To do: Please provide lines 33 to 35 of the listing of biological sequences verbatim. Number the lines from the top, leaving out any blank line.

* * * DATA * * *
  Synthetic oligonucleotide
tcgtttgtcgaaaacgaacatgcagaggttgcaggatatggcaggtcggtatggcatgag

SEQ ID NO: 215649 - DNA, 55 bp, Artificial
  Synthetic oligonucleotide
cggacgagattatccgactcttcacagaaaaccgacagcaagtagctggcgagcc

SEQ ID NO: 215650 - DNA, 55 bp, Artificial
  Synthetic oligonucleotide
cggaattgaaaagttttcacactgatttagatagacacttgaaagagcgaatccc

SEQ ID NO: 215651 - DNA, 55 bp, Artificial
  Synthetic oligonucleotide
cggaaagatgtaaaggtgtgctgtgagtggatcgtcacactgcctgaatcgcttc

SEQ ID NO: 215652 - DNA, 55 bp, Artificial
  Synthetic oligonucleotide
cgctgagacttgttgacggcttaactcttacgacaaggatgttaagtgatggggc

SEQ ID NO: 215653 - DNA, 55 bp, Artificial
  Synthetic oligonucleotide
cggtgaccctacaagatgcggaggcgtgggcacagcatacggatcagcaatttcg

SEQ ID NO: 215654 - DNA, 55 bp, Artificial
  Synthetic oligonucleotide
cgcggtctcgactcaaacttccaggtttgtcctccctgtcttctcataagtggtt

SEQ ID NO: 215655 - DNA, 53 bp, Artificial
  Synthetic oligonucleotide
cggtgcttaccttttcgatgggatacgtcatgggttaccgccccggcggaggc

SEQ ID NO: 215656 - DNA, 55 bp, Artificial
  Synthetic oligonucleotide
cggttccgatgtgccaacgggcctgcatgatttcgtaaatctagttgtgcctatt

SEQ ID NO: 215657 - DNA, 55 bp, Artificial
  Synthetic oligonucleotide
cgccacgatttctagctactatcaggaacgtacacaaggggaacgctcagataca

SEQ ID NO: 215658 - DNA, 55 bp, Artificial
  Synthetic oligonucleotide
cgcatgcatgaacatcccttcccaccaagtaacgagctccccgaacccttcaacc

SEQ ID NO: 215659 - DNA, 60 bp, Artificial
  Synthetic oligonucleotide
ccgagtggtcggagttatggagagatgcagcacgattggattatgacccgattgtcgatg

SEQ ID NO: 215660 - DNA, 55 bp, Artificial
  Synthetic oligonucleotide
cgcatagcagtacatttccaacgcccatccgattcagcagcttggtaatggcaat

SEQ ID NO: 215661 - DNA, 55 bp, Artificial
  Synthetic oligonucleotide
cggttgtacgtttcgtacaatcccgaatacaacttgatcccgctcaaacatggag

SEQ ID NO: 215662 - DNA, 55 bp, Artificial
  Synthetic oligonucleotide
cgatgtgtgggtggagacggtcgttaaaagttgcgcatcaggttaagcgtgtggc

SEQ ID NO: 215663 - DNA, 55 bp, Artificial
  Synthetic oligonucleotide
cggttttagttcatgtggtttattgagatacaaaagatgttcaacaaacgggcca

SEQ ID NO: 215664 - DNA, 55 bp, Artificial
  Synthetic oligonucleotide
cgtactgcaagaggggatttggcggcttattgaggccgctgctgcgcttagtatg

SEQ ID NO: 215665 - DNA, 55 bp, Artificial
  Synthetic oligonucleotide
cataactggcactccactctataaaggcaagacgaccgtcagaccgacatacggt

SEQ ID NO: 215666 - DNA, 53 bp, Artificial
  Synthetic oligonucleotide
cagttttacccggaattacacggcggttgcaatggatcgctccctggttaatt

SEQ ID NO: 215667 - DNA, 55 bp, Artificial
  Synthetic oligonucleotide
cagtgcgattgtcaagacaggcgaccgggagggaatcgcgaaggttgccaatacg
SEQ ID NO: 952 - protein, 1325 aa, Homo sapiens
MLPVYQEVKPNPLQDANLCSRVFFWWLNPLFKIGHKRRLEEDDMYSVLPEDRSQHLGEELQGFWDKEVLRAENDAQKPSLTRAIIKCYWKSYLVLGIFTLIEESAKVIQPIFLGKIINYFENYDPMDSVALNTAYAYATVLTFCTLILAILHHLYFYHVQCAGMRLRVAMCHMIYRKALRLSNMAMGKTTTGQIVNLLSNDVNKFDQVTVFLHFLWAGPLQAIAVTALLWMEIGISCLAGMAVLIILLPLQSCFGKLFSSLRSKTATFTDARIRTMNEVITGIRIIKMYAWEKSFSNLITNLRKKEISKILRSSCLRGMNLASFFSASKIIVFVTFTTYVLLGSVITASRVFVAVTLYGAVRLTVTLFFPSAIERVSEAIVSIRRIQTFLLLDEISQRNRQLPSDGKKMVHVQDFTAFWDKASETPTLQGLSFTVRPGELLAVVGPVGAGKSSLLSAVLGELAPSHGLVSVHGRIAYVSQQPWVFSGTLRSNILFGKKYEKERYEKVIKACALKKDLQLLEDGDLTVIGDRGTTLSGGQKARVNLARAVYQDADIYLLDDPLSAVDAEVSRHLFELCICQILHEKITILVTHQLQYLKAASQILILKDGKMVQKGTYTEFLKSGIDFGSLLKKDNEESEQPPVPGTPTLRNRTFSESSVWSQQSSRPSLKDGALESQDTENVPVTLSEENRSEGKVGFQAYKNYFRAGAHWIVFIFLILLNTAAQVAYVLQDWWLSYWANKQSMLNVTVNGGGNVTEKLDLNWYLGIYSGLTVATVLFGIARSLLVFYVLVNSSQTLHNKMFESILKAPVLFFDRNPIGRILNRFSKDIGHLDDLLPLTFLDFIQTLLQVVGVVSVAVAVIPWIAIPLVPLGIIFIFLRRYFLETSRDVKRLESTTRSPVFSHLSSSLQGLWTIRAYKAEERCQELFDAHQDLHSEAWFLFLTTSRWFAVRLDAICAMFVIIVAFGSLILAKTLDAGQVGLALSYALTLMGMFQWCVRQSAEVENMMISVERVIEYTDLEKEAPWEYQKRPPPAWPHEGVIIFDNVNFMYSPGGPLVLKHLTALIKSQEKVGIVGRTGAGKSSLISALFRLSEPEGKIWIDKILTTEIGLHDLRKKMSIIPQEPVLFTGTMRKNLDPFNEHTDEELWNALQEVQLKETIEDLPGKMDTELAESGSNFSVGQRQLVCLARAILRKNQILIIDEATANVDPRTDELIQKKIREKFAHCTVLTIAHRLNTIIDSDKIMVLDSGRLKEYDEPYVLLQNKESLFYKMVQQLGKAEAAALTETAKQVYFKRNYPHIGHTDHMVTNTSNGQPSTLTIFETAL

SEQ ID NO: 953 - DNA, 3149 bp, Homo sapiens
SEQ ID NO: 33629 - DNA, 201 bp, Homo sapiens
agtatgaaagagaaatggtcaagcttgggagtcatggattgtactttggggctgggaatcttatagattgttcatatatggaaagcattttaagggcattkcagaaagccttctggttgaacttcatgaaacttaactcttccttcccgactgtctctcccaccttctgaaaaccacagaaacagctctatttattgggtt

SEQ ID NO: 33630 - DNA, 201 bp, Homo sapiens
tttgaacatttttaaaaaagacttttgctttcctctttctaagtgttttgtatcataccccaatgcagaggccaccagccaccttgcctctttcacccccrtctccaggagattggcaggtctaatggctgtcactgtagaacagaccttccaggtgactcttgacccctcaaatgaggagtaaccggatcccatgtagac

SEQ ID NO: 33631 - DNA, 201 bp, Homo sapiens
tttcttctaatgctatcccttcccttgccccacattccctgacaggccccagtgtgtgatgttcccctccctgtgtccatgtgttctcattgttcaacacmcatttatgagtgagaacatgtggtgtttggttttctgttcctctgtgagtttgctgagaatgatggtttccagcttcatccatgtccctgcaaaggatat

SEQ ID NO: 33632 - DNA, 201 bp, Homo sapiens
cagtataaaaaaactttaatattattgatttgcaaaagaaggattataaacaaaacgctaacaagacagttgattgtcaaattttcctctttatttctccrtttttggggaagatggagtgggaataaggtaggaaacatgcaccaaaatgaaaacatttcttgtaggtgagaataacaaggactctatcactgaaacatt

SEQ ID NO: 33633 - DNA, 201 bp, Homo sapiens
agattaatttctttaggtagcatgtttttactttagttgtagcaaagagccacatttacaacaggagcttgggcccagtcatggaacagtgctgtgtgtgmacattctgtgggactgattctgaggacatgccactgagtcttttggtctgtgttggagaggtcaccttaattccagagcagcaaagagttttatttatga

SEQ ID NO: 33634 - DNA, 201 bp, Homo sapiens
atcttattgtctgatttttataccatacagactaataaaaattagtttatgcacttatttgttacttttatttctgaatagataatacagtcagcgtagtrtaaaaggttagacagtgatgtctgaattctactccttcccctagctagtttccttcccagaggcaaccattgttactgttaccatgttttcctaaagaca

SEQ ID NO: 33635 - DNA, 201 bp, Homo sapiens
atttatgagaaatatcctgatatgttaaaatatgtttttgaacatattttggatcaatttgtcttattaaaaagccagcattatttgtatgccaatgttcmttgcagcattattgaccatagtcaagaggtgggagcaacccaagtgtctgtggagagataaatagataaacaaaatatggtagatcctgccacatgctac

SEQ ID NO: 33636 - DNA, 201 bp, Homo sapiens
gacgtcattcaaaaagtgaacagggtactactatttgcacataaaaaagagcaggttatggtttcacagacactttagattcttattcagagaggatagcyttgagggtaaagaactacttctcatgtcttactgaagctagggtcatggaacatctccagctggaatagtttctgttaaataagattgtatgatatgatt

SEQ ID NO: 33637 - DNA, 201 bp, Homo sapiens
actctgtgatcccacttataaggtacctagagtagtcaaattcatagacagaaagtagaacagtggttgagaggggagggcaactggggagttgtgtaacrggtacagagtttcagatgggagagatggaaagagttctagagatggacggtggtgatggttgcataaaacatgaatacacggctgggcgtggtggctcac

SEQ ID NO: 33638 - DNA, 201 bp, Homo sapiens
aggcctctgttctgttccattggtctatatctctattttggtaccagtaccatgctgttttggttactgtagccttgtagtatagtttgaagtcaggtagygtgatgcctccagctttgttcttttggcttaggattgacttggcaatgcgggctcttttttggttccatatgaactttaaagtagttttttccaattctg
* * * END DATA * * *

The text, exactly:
SEQ ID NO: 215659 - DNA, 60 bp, Artificial
  Synthetic oligonucleotide
ccgagtggtcggagttatggagagatgcagcacgattggattatgacccgattgtcgatg